Mysterious anomaly revealed in Great Pyramid by thermal scan
A unique heat signature on the eastern wall of the Great Pyramid of Giza could hold secrets to the ancient edifice.
HIP INSTITUTE/PHILIPPE BOURSEILLER
Researchers have found something hidden in the Great Pyramid of Giza, but they're not sure what it is yet.
Thermal scans revealed an anomaly in the ancient walls of the pyramid. While much of the wall uniformly heats up and cools down each day, a spot on the eastern side of the structure behaves differently. There was a six degree Celsius (11 F.) difference in temperature compared with surrounding stones.
That distinct heat signature could mean some passage, room or other insight is hidden in or behind that wall.
"This anomaly is really quite impressive and it’s just in front of us, at the ground level," Mehdi Tayoubi, founder of the organization conducting the pyramid thermal scanning experiments, told the Huffington Post. But he is hesitant to share potential explanations.
"We have several hypothesis but no conclusion for the moment," he said.
There may be a chamber or passage revealed behind the wall, but any explanation could reveal a lot about the ancient Egyptians that built the pyramid.
"At the very least, this anomaly will shed additional light on the construction techniques of the 4th dynasty Egyptians," egyptologist Beth Ann Judas told the Huffington Post. "It's rather exciting actually. Over the past few years, archaeologists have been learning more about the workmen and officials who are connected to the pyramids, and this gives us more information about their work."
Already, it’s not surprising that the thermal anomaly was found on the eastern side of the Great Pyramid, says Dr. Judas. The east side would have been the front of the pyramid, as almost everyone coming to the structure would have approached from the Nile, to the east. Furthermore, the sun rises in the east and ancient Egyptian religion revered the sun god Ra.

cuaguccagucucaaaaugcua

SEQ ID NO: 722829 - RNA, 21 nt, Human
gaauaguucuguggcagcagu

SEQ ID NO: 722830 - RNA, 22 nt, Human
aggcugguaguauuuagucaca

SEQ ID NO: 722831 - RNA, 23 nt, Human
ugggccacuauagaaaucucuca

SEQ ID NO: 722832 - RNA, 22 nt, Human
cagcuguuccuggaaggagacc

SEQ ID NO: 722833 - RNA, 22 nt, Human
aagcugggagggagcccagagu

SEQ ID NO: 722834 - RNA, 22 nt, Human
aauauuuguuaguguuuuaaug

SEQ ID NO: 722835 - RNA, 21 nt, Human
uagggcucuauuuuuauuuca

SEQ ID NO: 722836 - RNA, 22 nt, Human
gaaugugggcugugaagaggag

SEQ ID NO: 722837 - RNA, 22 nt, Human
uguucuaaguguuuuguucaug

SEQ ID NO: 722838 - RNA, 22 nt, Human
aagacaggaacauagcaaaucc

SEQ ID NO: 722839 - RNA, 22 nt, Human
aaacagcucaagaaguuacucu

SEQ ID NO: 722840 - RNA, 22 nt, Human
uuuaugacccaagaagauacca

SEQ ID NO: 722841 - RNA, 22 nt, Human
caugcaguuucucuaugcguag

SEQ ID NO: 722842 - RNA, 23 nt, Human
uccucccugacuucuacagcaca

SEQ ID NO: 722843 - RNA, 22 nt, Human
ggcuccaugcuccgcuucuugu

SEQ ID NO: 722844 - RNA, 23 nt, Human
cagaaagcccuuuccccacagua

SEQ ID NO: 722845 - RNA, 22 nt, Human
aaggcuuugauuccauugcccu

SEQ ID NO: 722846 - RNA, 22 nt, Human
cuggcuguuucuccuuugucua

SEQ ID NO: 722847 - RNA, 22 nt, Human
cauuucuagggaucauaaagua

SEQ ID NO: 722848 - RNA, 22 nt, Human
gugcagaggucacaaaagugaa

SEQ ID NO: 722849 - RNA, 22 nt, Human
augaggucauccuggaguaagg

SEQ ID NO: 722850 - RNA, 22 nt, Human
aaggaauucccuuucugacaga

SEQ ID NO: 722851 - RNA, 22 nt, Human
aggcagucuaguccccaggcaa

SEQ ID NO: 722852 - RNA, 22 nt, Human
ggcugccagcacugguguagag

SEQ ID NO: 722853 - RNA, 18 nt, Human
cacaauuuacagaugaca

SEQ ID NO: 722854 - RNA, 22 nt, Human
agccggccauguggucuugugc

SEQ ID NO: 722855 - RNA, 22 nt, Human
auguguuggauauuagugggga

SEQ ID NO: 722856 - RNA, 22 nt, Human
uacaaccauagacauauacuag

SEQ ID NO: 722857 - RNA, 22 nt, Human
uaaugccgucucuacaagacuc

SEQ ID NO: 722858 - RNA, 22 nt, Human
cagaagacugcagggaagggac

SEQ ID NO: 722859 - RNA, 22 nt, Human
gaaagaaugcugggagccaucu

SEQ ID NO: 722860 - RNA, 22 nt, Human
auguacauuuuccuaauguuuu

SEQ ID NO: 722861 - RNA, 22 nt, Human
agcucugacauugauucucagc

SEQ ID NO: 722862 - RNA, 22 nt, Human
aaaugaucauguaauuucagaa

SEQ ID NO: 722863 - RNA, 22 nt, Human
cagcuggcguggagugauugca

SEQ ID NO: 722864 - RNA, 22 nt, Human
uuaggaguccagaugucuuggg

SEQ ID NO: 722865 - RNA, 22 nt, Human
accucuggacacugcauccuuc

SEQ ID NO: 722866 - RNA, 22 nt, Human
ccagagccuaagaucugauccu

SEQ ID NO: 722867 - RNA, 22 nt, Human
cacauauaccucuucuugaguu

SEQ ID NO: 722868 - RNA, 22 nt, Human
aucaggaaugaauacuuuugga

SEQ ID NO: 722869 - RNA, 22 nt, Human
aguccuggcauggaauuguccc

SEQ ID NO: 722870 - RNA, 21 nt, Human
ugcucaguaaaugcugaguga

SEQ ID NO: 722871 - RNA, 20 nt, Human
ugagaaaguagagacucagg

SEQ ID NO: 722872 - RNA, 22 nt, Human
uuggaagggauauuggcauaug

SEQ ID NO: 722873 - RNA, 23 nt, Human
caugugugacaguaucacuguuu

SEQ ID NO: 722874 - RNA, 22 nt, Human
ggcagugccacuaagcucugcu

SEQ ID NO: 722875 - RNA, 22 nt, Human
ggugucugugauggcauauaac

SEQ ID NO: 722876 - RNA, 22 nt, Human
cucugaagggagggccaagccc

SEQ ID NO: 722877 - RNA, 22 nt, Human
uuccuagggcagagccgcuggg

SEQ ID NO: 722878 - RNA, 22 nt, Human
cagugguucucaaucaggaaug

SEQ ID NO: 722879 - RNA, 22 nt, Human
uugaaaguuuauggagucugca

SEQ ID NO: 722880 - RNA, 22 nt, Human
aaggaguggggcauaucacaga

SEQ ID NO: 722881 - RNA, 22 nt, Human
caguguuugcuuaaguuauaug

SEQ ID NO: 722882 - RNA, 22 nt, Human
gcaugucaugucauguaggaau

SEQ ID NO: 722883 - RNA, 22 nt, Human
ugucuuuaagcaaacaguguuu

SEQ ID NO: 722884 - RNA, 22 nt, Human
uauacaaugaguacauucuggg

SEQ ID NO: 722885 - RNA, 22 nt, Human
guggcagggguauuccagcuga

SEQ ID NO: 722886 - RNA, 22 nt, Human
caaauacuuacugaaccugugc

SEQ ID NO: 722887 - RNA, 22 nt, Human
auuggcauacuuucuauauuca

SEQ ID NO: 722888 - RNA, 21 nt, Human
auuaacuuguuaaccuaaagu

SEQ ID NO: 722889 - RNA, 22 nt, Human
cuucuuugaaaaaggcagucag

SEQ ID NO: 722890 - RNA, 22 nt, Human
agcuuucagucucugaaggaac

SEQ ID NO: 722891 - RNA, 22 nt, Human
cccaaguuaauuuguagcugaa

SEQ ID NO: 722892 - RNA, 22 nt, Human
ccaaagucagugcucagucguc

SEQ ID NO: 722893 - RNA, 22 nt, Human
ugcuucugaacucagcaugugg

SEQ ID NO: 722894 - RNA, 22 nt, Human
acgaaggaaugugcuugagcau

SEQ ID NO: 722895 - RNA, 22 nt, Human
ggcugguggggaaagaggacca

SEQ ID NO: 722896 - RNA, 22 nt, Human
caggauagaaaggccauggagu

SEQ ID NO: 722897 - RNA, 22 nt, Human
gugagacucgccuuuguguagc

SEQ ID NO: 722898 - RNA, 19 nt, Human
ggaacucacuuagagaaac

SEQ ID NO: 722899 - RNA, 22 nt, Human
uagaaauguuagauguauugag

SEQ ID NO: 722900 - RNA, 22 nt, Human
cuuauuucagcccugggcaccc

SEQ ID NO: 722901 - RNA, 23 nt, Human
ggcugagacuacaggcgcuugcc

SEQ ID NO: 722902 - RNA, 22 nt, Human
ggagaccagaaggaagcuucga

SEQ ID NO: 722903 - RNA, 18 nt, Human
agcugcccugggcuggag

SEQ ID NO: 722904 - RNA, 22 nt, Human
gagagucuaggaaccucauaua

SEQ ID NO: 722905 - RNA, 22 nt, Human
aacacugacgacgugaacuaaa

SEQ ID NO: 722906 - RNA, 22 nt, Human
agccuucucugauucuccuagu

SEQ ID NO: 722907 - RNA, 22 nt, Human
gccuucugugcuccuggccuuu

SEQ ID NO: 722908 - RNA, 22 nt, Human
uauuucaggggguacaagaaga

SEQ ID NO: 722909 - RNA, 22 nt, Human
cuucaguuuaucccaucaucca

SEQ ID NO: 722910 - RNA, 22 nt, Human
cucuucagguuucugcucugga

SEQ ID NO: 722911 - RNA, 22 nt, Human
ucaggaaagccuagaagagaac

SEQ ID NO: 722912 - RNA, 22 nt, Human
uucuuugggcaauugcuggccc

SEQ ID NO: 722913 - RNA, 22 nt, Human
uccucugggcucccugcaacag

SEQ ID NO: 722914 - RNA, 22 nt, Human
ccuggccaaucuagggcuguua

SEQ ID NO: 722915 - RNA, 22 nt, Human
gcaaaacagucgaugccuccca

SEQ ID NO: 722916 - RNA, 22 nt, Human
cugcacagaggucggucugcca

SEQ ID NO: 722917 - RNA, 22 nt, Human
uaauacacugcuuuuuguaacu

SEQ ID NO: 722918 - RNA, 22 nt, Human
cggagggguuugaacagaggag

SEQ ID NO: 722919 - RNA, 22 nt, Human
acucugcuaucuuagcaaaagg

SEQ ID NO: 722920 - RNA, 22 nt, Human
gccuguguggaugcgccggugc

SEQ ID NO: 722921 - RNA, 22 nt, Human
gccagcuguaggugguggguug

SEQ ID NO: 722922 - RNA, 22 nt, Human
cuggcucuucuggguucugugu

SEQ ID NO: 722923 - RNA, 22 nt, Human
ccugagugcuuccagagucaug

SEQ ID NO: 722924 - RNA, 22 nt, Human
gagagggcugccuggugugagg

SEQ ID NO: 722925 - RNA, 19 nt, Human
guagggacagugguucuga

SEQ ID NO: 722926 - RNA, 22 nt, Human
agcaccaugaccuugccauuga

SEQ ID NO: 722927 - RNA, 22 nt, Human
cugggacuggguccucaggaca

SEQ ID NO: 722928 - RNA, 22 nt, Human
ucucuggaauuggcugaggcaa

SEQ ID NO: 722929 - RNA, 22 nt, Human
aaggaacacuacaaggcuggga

This thermal anomaly was discovered as part of the Scan Pyramids project, organized by the Paris-based Heritage Innovation Preservation Institute. The researchers conducted thermal scans of the pyramid at various intervals, particularly focusing on the mornings and evenings.
As the stones heat up in the morning, and cool down in the late afternoons, they should do so uniformly if they are made of the same material. But if there are different materials – or cavities in the structure – some parts of the pyramid will heat up or cool down faster than others.
When the Scan the Pyramids project is over, the researchers will have scanned the Great Pyramid, also known as Khufu or Cheops, Khafre or Chephren also at Giza, the Bent pyramid and the Red pyramid at Dahshur. The scientists are also employing techniques such as muon radiography imaging, 3D scans, and topographical scans via drones.
Already the project has tackled some exciting questions. Archeologists discovered an anomaly in the northern wall of King Tut’s tomb thought to be another chamber. If that’s the case, the sarcophagus of an ancient queen might be buried there.
But the Scan the Pyramids project scientists are simply looking for anomalies that might suggest something to the archeologists. They hope their scans will produce concrete results that the egyptologists can investigate.
As the project's website begins the about page, "Just because a mystery is 4500 years old doesn’t mean it can’t be solved…"
[Editor's note: Due to an editing error, the original post miscalculated the conversion from Celsius to Fahrenheit.]